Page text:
Fisher Case Is Continued

WHEELING – Circuit Judge James Mazzone will wait to address a motion to dismiss a felony murder charge against Melody Fisher until the West Virginia Supreme Court of Appeals issues a mandate finalizing its precedent-setting ruling last week in a similar case.

During a status hearing Wednesday, Mazzone also granted a motion by Fisher’s attorney, Stephen Herndon, to continue her previously scheduled Dec. 17 trial date on the murder charge and counts of first-degree robbery and conspiracy.

Fisher, 40, of Beech Bottom faces those charges for her alleged role in the May 25 robbery of the Elm Grove Pharmacy. Police believe she fled the scene after a pharmacy employee fatally shot 37-year-old Kevin Walnoha, who reportedly jumped over the counter and demanded pills.

Although Fisher did not fire the fatal shot, Ohio County Prosecutor Scott Smith obtained an indictment charging her with Walnoha’s murder, claiming Fisher was responsible because his death occurred in the commission of a felony in which she took part. But the Supreme Court last Thursday unanimously upheld the dismissal of a murder charge against the defendant in a December gas station burglary in Weirton, ruling that a surviving co-conspirator cannot be charged with an accomplice’s murder when a crime victim kills in self-defense.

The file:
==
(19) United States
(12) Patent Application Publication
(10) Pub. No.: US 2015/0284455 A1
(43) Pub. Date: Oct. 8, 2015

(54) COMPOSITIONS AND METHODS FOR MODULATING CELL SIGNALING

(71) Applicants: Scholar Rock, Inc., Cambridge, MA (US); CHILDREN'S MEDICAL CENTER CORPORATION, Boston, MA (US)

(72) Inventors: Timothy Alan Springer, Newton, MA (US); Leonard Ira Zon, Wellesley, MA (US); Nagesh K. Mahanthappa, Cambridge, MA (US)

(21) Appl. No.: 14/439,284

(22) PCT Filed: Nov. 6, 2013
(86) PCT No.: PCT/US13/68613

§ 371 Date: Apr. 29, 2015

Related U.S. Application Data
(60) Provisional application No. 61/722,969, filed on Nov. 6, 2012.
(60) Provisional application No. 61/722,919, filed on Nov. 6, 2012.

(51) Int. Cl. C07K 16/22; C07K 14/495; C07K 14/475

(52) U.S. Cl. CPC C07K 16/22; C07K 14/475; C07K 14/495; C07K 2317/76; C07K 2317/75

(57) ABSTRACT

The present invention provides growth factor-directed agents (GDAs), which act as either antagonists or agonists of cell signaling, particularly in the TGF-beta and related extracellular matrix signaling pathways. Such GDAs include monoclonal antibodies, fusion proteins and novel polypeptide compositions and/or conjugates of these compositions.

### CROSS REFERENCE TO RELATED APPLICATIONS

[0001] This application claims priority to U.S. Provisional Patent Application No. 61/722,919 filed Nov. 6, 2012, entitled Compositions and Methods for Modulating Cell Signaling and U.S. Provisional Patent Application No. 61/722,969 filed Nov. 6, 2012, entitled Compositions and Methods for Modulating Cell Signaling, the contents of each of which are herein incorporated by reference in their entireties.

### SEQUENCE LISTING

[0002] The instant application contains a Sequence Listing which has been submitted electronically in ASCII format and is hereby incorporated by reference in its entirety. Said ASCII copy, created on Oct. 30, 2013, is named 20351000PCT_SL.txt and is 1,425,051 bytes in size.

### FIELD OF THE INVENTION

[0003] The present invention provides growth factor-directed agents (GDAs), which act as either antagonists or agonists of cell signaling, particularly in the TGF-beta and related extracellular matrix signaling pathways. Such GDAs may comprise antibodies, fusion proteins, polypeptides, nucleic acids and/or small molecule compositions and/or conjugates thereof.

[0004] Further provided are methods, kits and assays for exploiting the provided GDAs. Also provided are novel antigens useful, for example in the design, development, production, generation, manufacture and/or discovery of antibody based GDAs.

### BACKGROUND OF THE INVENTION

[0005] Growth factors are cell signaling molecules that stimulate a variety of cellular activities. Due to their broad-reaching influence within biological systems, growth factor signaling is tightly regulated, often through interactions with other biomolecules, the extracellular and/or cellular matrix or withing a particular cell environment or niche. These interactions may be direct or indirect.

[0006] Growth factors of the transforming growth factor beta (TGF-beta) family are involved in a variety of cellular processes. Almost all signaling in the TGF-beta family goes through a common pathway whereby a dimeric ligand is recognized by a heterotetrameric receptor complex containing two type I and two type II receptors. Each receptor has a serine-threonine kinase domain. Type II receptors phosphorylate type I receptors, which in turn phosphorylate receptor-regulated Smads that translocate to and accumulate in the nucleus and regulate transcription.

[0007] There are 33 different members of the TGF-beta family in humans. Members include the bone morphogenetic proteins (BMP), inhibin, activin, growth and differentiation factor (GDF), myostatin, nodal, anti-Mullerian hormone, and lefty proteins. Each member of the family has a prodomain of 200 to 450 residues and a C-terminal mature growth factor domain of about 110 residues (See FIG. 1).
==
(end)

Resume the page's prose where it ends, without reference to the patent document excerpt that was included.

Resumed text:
That ruling appears to have major implications in Fisher’s case, but it is not considered final until the court issues a mandate – which can’t happen for at least 30 days, according to the Rules of Appellate Procedure.

Regarding his motion to continue the case, Herndon told Mazzone he could not realistically be ready for trial on Dec. 17. Smith offered no objection.

“Only today did we get the video surveillance of the events at the pharmacy,” said Herndon.

Smith said he expected it would take three days to try the case, while Herndon said he believed it could be done in two. Mazzone ultimately set the trial for Jan. 29-31, and is expected to consider defense motions to dismiss the murder charge as well as suppress evidence including Walnoha’s autopsy results and accompanying photos on Dec. 17.

Following Wednesday’s hearing, Smith declined to say whether there was any circumstance which would allow him to pursue the murder charge even if the Supreme Court’s ruling becomes final.

“We’ll cross that bridge when we come to it,” he said.